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There is a responsibility statement in the world of 12-Step recovery that states, “When anyone, anywhere, reaches out for help, I want the hand of [recovery] always to be there. And for that: I am responsible.” This statement often holds true for those who have successfully gone through treatment and/or rehab. This is why you can find so many people today that have gone through recovery and ended up on the professional side of it; they, too, have become responsible.

The shared experiences of active addiction, rehab, and recovery can be the most vital parts of an individual’s recovery journey. Understanding that they are not alone, that other people have recovered, and those people want to see them succeed can sometimes be exactly what someone needs to know to keep moving forward.

At The Phoenix Recovery Center, we understand the isolation, loneliness, and separateness that active addiction can cause. We know this because many of our staff have been through it themselves. That is why we aim to utilize this wealth of knowledge and experience as one of our greatest assets to help our clients recover.

Utilizing Rehab to Renew and Nurture Relationships

There is an understandable fear that people have when it comes to going to rehab, a feeling that rehab is a “point of no return.” For someone in active addiction, this can be terrifying because it also means the end to fueling the disease of addiction. Fortunately, rehab is a “point of no return” when an individual takes it seriously, commits to healthy change, and continues to utilize effective coping skills and aftercare resources. 

An adequate rehab program will prepare its clients on relapse prevention methods to avoid toxic behaviors that once ruined their livelihood. It can be a point of no returning to the mental and emotional turmoil that active addiction can cause. Of course, ineffective rehab can lead to returning to unhealthy behaviors, so finding the best one for your needs is vital.

However, rehab can also be a pivotal point in moving forward. Rehab can help someone move forward and begin to repair and renew relationships that their addiction disrupted and damaged. It can also help individuals create new positive relationships that can help them live a new productive and communicative way of life.

The Importance of Relatability in Recovery

Many people in the recovery community share the belief that reliability is crucial to recovery. The concept is that “only someone that has been through it can understand what ‘going through it’ really means.” While it is not a requirement for recovery, we have found that having staff that understands first-hand what it means to go through recovery and come out victorious on the other side has been pivotally critical.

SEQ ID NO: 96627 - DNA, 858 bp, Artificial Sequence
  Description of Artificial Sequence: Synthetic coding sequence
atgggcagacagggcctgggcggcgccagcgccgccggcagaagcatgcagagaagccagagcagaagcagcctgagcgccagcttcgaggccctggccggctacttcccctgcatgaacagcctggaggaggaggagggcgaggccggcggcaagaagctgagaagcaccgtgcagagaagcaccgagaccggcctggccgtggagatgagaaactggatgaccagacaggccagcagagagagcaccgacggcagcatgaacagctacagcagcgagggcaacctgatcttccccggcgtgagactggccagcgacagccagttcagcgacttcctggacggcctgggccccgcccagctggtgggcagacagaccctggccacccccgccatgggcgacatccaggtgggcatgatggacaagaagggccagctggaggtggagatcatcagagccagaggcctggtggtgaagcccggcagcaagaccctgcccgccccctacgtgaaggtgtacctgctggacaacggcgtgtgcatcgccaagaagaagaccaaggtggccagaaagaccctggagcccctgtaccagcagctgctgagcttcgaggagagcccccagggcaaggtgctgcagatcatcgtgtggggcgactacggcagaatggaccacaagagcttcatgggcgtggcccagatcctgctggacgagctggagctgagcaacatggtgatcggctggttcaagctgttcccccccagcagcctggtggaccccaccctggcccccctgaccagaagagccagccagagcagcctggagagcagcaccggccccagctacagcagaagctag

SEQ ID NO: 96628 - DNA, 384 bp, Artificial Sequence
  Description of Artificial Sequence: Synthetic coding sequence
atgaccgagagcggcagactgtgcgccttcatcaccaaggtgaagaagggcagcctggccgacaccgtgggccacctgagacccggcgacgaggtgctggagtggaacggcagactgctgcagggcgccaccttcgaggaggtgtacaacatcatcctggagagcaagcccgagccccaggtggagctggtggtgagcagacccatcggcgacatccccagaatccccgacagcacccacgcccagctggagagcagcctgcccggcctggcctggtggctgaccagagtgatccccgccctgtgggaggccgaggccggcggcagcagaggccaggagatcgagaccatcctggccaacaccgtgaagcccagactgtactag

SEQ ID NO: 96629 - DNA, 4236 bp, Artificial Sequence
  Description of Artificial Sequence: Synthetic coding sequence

Understandably, going through rehab can be fearful and startling. For many, it is not only the first time going through such an intense process, but also perhaps the most important action they may ever take. The action of saving their own life. This is why having people that can empathize, listen, and drop judgment can be so essential.

The Importance of Community in Recovery

Relatability is also necessary after the initial treatment or rehab has concluded. It is imperative to have a community of like-minded people that can help a person avoid the pitfalls that can endanger their recovery. 

Whether it is someone willing to answer the phone when someone is struggling or someone that is already a member of a recovery community, we are here to open the door for a newcomer. Maybe it is someone in the professional recovery field that a person feels safer discussing their problems with. Having positive relationships in recovery can be paramount to both attaining and maintaining a successful long-term recovery.

The Story of Addiction and Recovery Becoming Our Greatest Asset

One of the more prominent recovery programs is Alcoholics Anonymous (AA). AA was founded in 1935 in Akron, Ohio, with the primary belief of “one alcoholic helping another” (the accepted term now being someone with alcohol use disorder). With that belief, AA is now believed to have helped over a million people worldwide, not including friends, family, and coworkers that were once affected by that person’s addictive behaviors pre-recovery. This is an exemplary example of how relatability can work wonders in recovery.

Whether it is in our residential treatment facility, through our day program, or our general or intensive outpatient program, we have people that have been there before. These people share our primary purpose: to help our clients recover at all costs.

Just like the responsibility statement we quoted earlier, we too are always available to be “the hand of recovery” for any client that needs it. The only difference is that we have more hands than just one. To get started today, contact The Phoenix Recovery Center at (801) 438-3185 

The Phoenix Recovery Center
489 W. South Jordan Pkwy
Suite 400
South Jordan, UT